Skip to main content

Death by Living

Death by Living : Life Is Meant to Be Spent, N. D. Wilson



Death by Living by N.D. Wilson

Taking a wild ride down the Snake River is an episode in terror for some, but never getting into the raft is a choice altogether different.  N.D. Wilson, poet, writer of adventurous fiction and father to five takes a unique approach in his book entitled Death by Living.  Remarking that many people go through life barely living but just passing through, N.D. carefully pieces together the beauty of the story that God writes of our lives and the ways we fumble through trying to see this story unravel.  What takes place is N.D.’s introspective focus into the wild ride of life, including bedtime stories with an endless series of hyphens, taking his family with cousins from London to Rome in a van, and dealing with the death of loved ones.  The book is brimming with hope, the kind not seen by a Hallmark card but the kind of anticipation that comes from a father reuniting with his family after a long trip. 

N.D. has a fascinating way of making theology sing in this book that is both refreshing and annoying.  Early on in the book he writes, “Understand this: we are both tiny and massive.  We are nothing more than molded clay given breath, but we are nothing less than divine self-portraits, huffing and puffing along mountain ranges of epic narrative arcs prepared for us by the Infinite Word himself” (6).  The complementary of the whole human being is unique from the outset, being made from dust and bearing the divine image of God.  Why is N.D.’s description here refreshing?  For one, he is not trying to dissect all the possible meanings of image of God but seeing the grand scope of the narrative that we find ourselves in.  Creating both the earthiness and splendor of man in words captures the narrative found in the early chapters of Genesis as well.  Annoying is the way in which theologians or commentators focus in such minutiae of the text that we lose sight of the large scope of God’s dealing with the created order.  And yet, as Wilson indicates, “Those who love to talk about Story rarely attempt to read much past their own immediate moment, and that not well” (7).  We look beyond the ordinary and rhythmic movements of life for some grander notion of what this thing called living is all about.

The memories of his grandfather comes together beautifully in the book.  N.D. writes, “Instead, he gave those kids what they could never buy for themselves, what they could never find on their own.  He gave them the memories of a boy on a Nebraska farms with brothers, a boy trying to break a wild prairie mustang.  He gave them memories of his mother, born in a sod dugout in the prairie grass” (116).  Further on down the page Wilson writes that “He chose a passage of Scripture for each of their children and their spouses, and for each of their children.  Forty-six souls (and counting)” (116).  The rare combination of retelling a life’s story alongside the deep wells of faith that he holds onto is most apparent here in the life of his grandfather.  If there is one key ingredient in the main meal of this book, it is the wisdom to spend one’s life to the full, not in useless endeavors, but in the cavernous depths of laughter, thankfulness and obedience to a God who never quits writing our story.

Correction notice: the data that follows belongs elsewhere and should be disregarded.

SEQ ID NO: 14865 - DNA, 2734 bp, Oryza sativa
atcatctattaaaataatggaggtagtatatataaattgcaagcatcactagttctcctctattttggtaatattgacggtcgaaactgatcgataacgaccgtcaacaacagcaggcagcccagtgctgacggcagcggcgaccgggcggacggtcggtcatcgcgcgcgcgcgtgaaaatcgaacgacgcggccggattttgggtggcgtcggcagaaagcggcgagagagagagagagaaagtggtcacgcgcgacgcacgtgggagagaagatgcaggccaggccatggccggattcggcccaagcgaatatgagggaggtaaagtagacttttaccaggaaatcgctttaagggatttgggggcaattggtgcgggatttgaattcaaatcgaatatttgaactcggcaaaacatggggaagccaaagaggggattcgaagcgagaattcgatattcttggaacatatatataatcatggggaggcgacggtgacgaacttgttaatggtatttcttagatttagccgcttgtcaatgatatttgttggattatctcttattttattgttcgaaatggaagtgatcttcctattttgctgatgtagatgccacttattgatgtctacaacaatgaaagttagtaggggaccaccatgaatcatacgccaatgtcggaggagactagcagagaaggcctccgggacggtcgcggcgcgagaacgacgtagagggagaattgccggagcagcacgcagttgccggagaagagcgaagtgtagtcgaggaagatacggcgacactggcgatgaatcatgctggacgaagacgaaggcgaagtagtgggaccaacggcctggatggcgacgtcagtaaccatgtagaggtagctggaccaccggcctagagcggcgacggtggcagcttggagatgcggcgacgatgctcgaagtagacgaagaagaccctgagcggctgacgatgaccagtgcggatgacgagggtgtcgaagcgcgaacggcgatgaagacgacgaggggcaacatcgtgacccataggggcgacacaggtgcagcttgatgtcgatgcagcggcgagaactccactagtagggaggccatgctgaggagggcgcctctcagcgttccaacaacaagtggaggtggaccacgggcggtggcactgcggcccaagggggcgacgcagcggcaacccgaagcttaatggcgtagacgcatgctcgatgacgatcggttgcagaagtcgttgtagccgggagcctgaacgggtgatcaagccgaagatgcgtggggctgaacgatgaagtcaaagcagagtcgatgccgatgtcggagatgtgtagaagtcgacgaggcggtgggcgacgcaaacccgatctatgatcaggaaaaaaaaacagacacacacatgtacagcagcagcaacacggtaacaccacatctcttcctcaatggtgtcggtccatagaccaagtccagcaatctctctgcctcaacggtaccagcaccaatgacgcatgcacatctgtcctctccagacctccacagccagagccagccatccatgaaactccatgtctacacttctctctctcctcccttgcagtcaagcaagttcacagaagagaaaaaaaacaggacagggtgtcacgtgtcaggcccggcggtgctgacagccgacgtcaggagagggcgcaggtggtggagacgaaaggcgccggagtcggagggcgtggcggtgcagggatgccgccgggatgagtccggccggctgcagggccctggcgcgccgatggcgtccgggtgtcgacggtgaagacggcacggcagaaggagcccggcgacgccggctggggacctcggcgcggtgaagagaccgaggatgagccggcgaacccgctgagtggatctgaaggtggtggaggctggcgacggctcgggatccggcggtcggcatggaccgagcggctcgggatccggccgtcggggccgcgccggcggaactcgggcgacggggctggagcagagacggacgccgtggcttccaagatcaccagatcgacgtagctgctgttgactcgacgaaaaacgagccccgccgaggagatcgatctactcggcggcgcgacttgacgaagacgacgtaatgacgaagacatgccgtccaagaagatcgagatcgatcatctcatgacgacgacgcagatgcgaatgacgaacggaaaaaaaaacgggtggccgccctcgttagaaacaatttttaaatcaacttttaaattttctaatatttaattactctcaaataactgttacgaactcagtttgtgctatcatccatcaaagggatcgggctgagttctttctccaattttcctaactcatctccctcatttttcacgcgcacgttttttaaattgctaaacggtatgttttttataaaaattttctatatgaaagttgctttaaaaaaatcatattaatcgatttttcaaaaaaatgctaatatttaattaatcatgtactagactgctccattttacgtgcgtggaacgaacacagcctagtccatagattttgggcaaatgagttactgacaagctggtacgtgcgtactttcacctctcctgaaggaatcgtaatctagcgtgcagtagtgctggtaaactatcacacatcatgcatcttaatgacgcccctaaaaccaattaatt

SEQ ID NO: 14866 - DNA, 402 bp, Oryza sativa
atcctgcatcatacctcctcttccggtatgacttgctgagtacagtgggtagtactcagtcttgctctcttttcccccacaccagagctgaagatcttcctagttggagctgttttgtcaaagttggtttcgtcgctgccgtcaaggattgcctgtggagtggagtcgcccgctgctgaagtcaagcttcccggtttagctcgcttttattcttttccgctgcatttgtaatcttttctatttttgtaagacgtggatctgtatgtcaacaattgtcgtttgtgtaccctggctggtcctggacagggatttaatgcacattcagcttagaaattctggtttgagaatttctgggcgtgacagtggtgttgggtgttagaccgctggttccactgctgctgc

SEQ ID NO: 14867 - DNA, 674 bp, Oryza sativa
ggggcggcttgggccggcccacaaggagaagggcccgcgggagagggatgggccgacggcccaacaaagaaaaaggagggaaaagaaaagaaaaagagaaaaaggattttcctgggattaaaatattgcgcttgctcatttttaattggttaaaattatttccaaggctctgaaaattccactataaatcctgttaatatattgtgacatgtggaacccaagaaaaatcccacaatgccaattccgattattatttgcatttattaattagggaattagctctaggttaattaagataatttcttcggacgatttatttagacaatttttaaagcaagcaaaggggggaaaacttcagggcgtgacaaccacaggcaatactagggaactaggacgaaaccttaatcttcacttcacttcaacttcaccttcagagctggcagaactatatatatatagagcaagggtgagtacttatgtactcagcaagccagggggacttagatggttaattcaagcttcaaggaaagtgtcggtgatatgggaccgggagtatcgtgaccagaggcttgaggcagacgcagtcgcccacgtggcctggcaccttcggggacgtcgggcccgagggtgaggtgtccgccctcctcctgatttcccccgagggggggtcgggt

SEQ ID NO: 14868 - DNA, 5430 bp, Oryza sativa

You don’t want to miss this book.  You’ll belly laugh at points, you’ll be moved with great grief and pain, but you won’t leave reading this book without a passion for the story of what God is doing for people who live full lives, with wine and beer too. 


Thanks to BookSneeze and Thomas Nelson for the copy of this book in exchange for review.

Comments

Popular posts from this blog

My Favorite Color is Blue. Sometimes.: A Journey Through Loss with Art and Color

My Favorite Color is Blue. Sometimes by Roger Hutchison

Taking a look at the digital copy of this book allowed me to look at the striking art inside the book, and its connection to the words of the page that were focusing on loss.  Looking at the physical copy of the book even brings to life more the staggering similarity that the words and pain have together on the page.  The focus here is how certain colors express the sentiments of those who have lost a loved one.  I did not think that I would relate too well to this book until two days ago, as we lost our little boy, who was only 17 weeks old.  The pain is palpable and yet the pages of this book give me good reason to think of my son with a sense of pride and hope.

Roger writes, "You are a shooting star. Your light trails across the heavens.  I blinked and you were gone."  We were full of anticipation at the first and second ultrasounds, and there was the picture of our little boy Jackson, his developing face and little …

The Catholic Novelist in the Protestant South

Mystery and Manners: Occasional Prose by Flannery O’Connor
A profound simplicity of thought, a penetrating vision of what it means to be human, Flannery O’Connor embodies the spirit of bringing fictional stories to life.  Others might call her fiction ‘grotesque’ in a rather unflattering manner, but O’Connor was not content to live up to their criticisms.  In this short book of collected essay and lectures, Mystery and Manners, editors and friends of Flannery, Robert and Sally Fitzgerald have given us a glimpse into the vision of her faith, style and life as a writer.   A lifelong Catholic, Flannery O’Connor sought to wed together the moral integrity of her faith with the character of her craft in writing.  Specifically, fiction for her was an exploration in imitation.
In a rather illuminating statement in the chapter entitled, “A Catholic Novelist in the Protestant South, “ O’Connor writes,
“I am specifically concerned with fiction because that is what I write.  There is a certain em…